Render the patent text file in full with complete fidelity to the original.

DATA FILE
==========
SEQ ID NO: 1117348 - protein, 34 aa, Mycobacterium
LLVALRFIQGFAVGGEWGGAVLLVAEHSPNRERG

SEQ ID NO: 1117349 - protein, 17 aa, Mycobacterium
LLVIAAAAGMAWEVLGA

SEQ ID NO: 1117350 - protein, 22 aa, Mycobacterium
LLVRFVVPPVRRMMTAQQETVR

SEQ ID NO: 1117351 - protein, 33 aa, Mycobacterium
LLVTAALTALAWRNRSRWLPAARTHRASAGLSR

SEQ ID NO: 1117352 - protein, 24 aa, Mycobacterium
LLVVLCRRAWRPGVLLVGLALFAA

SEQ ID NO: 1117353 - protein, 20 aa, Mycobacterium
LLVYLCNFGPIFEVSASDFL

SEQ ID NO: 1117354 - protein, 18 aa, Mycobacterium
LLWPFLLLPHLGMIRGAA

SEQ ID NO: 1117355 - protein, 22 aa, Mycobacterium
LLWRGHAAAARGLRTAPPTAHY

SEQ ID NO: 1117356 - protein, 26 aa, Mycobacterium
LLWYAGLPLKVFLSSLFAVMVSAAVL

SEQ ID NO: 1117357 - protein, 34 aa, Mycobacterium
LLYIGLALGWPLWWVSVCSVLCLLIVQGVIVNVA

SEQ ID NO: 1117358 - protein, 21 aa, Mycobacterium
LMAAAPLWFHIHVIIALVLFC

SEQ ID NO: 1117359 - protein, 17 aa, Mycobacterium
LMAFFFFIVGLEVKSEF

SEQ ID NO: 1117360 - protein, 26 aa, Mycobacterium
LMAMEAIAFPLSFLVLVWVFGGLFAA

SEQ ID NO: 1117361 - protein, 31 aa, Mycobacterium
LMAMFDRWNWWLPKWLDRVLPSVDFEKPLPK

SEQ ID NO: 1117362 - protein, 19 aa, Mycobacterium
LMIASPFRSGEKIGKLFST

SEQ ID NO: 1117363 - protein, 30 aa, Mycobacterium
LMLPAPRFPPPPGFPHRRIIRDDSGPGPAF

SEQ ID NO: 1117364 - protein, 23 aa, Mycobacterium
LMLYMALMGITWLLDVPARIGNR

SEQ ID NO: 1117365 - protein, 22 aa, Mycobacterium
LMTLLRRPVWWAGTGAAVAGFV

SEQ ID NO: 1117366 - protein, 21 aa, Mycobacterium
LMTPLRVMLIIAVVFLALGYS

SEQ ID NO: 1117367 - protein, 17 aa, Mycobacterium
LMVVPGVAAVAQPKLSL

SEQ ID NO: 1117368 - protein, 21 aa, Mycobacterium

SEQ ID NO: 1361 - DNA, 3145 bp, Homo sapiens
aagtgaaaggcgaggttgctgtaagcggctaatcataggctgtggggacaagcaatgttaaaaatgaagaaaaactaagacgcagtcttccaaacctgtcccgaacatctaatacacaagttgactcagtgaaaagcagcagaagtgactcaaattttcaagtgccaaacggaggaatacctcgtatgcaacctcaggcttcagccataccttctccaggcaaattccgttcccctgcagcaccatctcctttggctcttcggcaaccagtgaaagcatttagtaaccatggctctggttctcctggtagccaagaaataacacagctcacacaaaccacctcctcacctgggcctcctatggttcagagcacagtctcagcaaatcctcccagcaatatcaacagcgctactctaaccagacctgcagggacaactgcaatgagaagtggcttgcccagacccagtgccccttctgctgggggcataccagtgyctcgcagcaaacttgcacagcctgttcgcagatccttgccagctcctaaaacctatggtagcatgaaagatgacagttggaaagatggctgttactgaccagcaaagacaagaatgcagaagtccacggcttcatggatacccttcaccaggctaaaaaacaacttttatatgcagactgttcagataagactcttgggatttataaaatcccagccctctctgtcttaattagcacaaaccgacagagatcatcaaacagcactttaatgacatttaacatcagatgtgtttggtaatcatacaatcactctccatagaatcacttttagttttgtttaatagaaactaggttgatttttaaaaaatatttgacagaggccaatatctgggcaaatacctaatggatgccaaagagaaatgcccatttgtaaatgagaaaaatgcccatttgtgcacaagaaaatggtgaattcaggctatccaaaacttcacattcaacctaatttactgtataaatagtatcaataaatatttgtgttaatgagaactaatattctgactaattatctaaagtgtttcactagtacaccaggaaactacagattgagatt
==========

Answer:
SEQ ID NO: 1117348 - protein, 34 aa, Mycobacterium
LLVALRFIQGFAVGGEWGGAVLLVAEHSPNRERG

SEQ ID NO: 1117349 - protein, 17 aa, Mycobacterium
LLVIAAAAGMAWEVLGA

SEQ ID NO: 1117350 - protein, 22 aa, Mycobacterium
LLVRFVVPPVRRMMTAQQETVR

SEQ ID NO: 1117351 - protein, 33 aa, Mycobacterium
LLVTAALTALAWRNRSRWLPAARTHRASAGLSR

SEQ ID NO: 1117352 - protein, 24 aa, Mycobacterium
LLVVLCRRAWRPGVLLVGLALFAA

SEQ ID NO: 1117353 - protein, 20 aa, Mycobacterium
LLVYLCNFGPIFEVSASDFL

SEQ ID NO: 1117354 - protein, 18 aa, Mycobacterium
LLWPFLLLPHLGMIRGAA

SEQ ID NO: 1117355 - protein, 22 aa, Mycobacterium
LLWRGHAAAARGLRTAPPTAHY

SEQ ID NO: 1117356 - protein, 26 aa, Mycobacterium
LLWYAGLPLKVFLSSLFAVMVSAAVL

SEQ ID NO: 1117357 - protein, 34 aa, Mycobacterium
LLYIGLALGWPLWWVSVCSVLCLLIVQGVIVNVA

SEQ ID NO: 1117358 - protein, 21 aa, Mycobacterium
LMAAAPLWFHIHVIIALVLFC

SEQ ID NO: 1117359 - protein, 17 aa, Mycobacterium
LMAFFFFIVGLEVKSEF

SEQ ID NO: 1117360 - protein, 26 aa, Mycobacterium
LMAMEAIAFPLSFLVLVWVFGGLFAA

SEQ ID NO: 1117361 - protein, 31 aa, Mycobacterium
LMAMFDRWNWWLPKWLDRVLPSVDFEKPLPK

SEQ ID NO: 1117362 - protein, 19 aa, Mycobacterium
LMIASPFRSGEKIGKLFST

SEQ ID NO: 1117363 - protein, 30 aa, Mycobacterium
LMLPAPRFPPPPGFPHRRIIRDDSGPGPAF

SEQ ID NO: 1117364 - protein, 23 aa, Mycobacterium
LMLYMALMGITWLLDVPARIGNR

SEQ ID NO: 1117365 - protein, 22 aa, Mycobacterium
LMTLLRRPVWWAGTGAAVAGFV

SEQ ID NO: 1117366 - protein, 21 aa, Mycobacterium
LMTPLRVMLIIAVVFLALGYS

SEQ ID NO: 1117367 - protein, 17 aa, Mycobacterium
LMVVPGVAAVAQPKLSL

SEQ ID NO: 1117368 - protein, 21 aa, Mycobacterium

SEQ ID NO: 1361 - DNA, 3145 bp, Homo sapiens
aagtgaaaggcgaggttgctgtaagcggctaatcataggctgtggggacaagcaatgttaaaaatgaagaaaaactaagacgcagtcttccaaacctgtcccgaacatctaatacacaagttgactcagtgaaaagcagcagaagtgactcaaattttcaagtgccaaacggaggaatacctcgtatgcaacctcaggcttcagccataccttctccaggcaaattccgttcccctgcagcaccatctcctttggctcttcggcaaccagtgaaagcatttagtaaccatggctctggttctcctggtagccaagaaataacacagctcacacaaaccacctcctcacctgggcctcctatggttcagagcacagtctcagcaaatcctcccagcaatatcaacagcgctactctaaccagacctgcagggacaactgcaatgagaagtggcttgcccagacccagtgccccttctgctgggggcataccagtgyctcgcagcaaacttgcacagcctgttcgcagatccttgccagctcctaaaacctatggtagcatgaaagatgacagttggaaagatggctgttactgaccagcaaagacaagaatgcagaagtccacggcttcatggatacccttcaccaggctaaaaaacaacttttatatgcagactgttcagataagactcttgggatttataaaatcccagccctctctgtcttaattagcacaaaccgacagagatcatcaaacagcactttaatgacatttaacatcagatgtgtttggtaatcatacaatcactctccatagaatcacttttagttttgtttaatagaaactaggttgatttttaaaaaatatttgacagaggccaatatctgggcaaatacctaatggatgccaaagagaaatgcccatttgtaaatgagaaaaatgcccatttgtgcacaagaaaatggtgaattcaggctatccaaaacttcacattcaacctaatttactgtataaatagtatcaataaatatttgtgttaatgagaactaatattctgactaattatctaaagtgtttcactagtacaccaggaaactacagattgagatt